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The column of magic and loss

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Parenting is built on the idea that you raise your children to be able to one day move on without you, remembering the good and discarding the bad.

I’m thinking about this because a very good friend of mine recently died, leaving behind two wonderful daughters, both under the age of 5 — too young to have genuine memories of their mother. As a parent, one of my greatest fears was that I would die and simply be erased from my daughters’ lives.

My friend’s husband, a sensitive, caring, lovely human being will, I’m sure, do all the right things in raising these girls and honoring his departed wife. There will be pictures of her and the stories of her time with them will be told over and over. They will know their mother’s family, their maternal grandparents and aunts and uncles and cousins. All this is great, and important and will give them an image, a connection to their mother. But not memory.

My own children, 13 and 16-years-old, are old enough that if I kicked the bucket tomorrow they would have recollections etched into their synapses of me, my bald head, and, hopefully, our doing fun things together. I’ve been fortunate to spend enough time with them to inspire a range of reminiscence, good and bad — and that provides a deep sense of relief. Perhaps it is my Jewish upbringing, teaching that it is through the memory of the living that the lives of the dead are carried on and given meaning post-departure.

Another friend lost her husband before either of their boys had reached elementary school. She embraced the spirit of her late-spouse by making sure her children experience the things their father would have done with them, such as boating and hunting. This is another way to substitute for those memories that weren’t, paying homage to a deceased partner by fulfilling their dreams for the kids, the joys and passions they would have brought to their children’s lives.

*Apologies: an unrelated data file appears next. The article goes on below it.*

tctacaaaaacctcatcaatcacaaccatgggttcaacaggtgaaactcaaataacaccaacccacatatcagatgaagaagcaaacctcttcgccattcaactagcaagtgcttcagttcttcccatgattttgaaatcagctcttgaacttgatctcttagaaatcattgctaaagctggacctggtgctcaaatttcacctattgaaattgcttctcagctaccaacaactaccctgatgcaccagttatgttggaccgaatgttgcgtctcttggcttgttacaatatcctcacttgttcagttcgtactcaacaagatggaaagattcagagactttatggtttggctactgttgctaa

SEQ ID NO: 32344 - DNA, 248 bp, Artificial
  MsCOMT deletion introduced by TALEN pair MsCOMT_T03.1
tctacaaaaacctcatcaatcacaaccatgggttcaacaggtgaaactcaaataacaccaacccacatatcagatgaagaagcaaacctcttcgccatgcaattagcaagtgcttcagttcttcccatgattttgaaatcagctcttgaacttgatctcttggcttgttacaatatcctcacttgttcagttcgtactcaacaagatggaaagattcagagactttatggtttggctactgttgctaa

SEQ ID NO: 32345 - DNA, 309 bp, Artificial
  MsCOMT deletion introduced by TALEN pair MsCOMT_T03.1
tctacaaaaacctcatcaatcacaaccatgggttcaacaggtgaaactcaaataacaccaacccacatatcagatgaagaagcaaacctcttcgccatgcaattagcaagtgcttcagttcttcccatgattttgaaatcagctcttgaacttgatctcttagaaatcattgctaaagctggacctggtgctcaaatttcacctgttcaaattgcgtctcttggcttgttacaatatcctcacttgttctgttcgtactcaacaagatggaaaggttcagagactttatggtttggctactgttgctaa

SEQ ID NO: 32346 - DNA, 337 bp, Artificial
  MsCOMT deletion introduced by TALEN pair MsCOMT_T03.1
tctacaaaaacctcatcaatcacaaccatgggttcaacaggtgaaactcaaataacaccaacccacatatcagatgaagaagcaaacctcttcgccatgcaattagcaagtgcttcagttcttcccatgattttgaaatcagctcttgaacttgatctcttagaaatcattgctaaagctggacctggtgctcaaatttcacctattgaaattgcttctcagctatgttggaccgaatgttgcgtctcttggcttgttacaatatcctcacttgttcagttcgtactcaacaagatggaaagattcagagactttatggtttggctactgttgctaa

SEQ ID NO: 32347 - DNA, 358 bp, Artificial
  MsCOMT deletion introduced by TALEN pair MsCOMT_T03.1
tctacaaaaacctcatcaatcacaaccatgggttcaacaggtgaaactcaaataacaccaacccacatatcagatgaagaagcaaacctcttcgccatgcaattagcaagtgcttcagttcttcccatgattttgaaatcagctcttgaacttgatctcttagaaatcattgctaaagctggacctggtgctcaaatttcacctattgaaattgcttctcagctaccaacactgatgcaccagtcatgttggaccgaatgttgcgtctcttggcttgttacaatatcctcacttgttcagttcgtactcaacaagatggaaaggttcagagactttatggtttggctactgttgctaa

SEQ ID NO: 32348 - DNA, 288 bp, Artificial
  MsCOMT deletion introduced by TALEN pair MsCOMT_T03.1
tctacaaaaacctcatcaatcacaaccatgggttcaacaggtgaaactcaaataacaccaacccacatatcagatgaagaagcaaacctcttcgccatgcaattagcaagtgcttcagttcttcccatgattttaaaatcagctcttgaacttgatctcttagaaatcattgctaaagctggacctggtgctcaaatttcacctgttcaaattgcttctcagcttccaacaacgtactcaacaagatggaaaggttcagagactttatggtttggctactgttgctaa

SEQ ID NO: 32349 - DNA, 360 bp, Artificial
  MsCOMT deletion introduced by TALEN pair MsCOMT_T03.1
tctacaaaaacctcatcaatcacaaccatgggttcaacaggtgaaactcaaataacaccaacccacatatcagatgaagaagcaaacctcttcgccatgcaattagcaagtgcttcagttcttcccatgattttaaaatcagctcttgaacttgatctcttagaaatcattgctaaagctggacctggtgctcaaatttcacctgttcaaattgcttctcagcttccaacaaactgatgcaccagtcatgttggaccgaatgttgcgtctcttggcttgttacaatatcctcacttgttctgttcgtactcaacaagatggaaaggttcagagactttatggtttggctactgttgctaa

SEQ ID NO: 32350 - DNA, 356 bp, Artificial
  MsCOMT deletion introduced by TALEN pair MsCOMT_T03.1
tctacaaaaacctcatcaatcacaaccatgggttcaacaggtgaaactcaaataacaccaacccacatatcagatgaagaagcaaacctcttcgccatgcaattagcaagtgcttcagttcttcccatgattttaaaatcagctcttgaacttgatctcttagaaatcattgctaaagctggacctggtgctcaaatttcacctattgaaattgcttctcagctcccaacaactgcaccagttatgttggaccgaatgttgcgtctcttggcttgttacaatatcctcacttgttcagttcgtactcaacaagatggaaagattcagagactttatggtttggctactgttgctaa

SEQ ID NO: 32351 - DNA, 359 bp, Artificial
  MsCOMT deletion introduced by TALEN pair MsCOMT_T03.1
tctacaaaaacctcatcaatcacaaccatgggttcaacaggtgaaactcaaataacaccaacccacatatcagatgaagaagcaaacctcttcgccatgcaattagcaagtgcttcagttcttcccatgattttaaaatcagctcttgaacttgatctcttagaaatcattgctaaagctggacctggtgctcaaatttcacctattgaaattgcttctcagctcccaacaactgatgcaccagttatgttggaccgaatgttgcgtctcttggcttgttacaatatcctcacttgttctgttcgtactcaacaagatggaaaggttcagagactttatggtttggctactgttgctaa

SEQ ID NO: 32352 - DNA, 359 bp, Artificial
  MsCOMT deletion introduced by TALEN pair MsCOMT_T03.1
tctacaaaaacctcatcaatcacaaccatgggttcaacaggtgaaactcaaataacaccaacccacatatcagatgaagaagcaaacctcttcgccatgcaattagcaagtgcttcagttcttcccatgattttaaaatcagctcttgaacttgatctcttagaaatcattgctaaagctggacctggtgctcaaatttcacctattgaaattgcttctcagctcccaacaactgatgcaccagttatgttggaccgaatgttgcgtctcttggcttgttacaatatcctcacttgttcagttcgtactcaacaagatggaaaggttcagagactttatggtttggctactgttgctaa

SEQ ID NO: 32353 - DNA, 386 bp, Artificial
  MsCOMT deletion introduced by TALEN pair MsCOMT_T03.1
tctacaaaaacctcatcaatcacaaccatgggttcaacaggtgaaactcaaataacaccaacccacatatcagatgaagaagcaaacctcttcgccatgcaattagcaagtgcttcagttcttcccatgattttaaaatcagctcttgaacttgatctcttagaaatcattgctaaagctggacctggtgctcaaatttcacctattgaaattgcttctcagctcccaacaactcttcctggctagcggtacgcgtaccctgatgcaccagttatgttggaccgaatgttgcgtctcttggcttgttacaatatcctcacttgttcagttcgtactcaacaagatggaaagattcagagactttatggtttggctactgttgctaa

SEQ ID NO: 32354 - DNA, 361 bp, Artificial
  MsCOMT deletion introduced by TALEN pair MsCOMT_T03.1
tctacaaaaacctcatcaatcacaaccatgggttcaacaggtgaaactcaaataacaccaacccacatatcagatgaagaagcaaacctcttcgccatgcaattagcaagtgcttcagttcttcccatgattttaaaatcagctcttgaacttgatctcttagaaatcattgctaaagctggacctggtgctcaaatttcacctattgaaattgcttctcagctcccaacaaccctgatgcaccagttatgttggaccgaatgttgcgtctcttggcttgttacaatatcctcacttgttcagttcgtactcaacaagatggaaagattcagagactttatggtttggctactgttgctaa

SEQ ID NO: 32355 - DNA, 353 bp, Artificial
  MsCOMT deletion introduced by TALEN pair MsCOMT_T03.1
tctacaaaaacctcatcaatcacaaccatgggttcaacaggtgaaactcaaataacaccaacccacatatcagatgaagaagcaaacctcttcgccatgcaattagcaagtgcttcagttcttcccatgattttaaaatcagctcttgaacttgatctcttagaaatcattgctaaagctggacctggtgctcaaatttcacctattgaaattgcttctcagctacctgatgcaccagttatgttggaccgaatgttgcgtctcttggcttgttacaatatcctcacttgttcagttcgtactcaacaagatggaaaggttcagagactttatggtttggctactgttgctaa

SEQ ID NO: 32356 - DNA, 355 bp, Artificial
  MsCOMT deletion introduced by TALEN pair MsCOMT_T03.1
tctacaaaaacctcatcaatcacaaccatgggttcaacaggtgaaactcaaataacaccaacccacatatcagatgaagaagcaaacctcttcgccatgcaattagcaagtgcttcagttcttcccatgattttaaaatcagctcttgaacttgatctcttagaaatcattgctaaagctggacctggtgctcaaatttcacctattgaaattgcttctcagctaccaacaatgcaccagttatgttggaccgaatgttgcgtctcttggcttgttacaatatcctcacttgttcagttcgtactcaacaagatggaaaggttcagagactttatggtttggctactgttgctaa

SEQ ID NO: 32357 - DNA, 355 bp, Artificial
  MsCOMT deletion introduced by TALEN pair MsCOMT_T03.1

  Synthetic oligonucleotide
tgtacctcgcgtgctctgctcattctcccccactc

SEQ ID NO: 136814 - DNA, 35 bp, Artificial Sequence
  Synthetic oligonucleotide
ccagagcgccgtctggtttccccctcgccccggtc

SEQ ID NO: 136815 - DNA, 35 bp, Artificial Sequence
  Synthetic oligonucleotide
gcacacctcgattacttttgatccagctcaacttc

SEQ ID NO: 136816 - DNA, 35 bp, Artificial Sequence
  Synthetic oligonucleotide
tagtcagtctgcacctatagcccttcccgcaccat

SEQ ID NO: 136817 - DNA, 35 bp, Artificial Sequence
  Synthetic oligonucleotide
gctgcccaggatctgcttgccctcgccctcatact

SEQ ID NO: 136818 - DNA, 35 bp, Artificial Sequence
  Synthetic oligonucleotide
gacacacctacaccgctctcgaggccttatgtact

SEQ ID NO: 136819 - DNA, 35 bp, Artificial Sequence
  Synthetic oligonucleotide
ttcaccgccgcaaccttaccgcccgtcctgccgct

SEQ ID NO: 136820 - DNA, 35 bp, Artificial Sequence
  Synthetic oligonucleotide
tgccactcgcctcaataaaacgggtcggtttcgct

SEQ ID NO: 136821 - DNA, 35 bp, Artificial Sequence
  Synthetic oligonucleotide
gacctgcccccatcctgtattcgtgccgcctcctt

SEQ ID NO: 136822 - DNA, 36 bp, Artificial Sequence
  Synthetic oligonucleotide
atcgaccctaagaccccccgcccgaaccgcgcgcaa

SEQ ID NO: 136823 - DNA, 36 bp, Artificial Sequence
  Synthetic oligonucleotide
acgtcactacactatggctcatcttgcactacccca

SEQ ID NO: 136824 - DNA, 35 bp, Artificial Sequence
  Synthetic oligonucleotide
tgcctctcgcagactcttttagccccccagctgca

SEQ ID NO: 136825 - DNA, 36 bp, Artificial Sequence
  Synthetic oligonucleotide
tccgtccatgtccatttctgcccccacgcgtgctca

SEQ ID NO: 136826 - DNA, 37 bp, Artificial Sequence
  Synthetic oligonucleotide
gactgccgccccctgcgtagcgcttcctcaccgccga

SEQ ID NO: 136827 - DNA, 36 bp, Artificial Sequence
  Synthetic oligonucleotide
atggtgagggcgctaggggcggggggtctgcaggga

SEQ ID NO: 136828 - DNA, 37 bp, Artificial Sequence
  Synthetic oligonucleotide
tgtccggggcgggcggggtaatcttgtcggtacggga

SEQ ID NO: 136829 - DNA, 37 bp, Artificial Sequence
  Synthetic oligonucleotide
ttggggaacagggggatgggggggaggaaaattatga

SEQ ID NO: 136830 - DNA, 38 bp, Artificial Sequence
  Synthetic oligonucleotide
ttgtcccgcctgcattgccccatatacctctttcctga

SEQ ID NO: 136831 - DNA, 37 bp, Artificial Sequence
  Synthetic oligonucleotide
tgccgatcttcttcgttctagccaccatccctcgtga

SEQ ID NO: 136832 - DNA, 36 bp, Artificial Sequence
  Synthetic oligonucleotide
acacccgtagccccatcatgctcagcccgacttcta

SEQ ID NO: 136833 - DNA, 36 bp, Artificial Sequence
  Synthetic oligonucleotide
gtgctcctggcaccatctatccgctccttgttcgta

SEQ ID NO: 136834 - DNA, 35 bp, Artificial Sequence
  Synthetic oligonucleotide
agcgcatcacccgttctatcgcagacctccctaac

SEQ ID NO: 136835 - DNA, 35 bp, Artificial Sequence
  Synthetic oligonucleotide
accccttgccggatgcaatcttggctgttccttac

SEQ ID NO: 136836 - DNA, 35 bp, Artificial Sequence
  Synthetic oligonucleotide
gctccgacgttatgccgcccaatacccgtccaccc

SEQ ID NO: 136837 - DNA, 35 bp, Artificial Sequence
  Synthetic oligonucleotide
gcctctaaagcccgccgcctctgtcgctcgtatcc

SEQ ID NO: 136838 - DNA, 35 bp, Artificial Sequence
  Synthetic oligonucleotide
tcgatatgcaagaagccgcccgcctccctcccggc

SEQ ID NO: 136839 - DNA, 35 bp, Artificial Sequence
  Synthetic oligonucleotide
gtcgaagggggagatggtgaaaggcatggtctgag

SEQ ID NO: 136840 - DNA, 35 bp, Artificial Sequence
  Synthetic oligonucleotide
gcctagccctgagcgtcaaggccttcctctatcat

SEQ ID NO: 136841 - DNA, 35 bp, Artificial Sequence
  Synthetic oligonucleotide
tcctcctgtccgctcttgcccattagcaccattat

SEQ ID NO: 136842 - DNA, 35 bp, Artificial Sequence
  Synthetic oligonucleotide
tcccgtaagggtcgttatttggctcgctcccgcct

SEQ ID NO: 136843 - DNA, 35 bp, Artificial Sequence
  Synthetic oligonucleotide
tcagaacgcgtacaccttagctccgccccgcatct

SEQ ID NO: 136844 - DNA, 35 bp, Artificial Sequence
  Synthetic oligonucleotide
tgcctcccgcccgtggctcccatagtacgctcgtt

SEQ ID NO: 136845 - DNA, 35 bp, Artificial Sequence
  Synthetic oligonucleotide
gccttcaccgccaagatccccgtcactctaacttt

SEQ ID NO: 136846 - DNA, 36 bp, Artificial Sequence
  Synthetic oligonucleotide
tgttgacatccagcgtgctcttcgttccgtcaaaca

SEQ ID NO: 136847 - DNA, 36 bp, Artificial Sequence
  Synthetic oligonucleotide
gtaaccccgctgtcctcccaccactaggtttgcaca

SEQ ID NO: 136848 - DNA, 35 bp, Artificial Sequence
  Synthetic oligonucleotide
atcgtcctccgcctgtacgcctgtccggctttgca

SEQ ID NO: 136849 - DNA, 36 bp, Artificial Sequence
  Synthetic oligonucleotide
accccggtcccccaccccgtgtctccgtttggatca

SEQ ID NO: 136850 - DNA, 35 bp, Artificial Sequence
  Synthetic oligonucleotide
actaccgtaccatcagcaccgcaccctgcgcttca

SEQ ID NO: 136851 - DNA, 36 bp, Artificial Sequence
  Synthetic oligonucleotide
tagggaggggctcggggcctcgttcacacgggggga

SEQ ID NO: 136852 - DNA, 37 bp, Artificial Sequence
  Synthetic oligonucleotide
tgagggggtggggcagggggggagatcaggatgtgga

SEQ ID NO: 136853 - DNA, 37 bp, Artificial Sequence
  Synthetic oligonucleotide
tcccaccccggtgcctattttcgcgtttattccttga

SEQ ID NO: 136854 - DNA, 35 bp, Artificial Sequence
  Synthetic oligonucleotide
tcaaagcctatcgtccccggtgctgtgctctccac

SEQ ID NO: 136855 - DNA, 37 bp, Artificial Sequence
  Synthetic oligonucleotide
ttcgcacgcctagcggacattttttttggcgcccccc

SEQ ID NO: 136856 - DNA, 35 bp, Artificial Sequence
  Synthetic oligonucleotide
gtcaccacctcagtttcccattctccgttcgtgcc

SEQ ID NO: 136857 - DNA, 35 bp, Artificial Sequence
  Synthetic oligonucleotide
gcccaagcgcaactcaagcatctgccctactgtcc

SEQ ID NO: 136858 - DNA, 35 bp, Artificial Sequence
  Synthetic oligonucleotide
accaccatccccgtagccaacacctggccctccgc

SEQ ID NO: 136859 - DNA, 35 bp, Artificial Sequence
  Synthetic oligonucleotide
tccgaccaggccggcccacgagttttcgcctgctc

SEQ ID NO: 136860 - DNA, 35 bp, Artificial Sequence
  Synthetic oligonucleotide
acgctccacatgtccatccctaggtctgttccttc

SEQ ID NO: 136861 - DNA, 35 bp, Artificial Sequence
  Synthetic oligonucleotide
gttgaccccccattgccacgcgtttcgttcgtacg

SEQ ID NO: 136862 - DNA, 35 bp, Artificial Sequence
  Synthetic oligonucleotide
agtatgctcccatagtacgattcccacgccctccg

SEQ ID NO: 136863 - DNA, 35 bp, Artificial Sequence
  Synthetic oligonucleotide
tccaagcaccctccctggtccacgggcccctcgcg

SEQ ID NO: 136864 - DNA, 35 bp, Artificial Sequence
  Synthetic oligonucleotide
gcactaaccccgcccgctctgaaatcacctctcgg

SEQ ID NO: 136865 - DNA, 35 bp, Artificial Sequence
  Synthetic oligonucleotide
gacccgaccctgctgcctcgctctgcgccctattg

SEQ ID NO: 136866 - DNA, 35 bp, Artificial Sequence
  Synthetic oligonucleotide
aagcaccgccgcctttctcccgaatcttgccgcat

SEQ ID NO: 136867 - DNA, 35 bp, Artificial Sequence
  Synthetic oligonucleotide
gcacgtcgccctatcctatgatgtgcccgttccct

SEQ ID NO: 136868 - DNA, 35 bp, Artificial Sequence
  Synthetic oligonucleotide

For my girls, I imagine them venerating my life by getting together at a Mets-Cubs game each summer and hoisting a cold one in my memory (of course, they’ll be of drinking age by then). But they’ve crossed that age when they’re stuck with our history together, no matter how much they’d like to forget.

What if one of them suffered brain damage in an accident or through illness? What if all the things we’ve shared were wiped from her gray matter with some horrible, divine eraser? It’s almost the same situation, I would disappear as her father but, while I walk this earth, I would still have the opportunity to build new memories, recreate myself in her mind and be her parent.

I hope to have many more years with my girls, many more experiences together, the cherished as well as those I’d rather sweep under the proverbial rug. That they remember me, share stories with their future partners and children, feels so important because it gives meaning to our relationship, our time together, my being their dad. It is only through my daughters’ memories of me that I will get to and stay with them.

Updated 5:27 pm, July 9, 2018
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Reasonable discourse

anaabdul from cobble hill says:
you can't make someone remember you. They either do or they don't. Try focusing on something other than yourself. And then maybe they will remember you for that.
Nov. 3, 2011, 5:26 am
Maia from France says:
This is such a sweet article!!! Its focus is not the author but his kids! You are ignorantly tarnishing his memory with this insensitive comment and I do not appreciate it.
Nov. 6, 2011, 12:05 pm

Comments closed.

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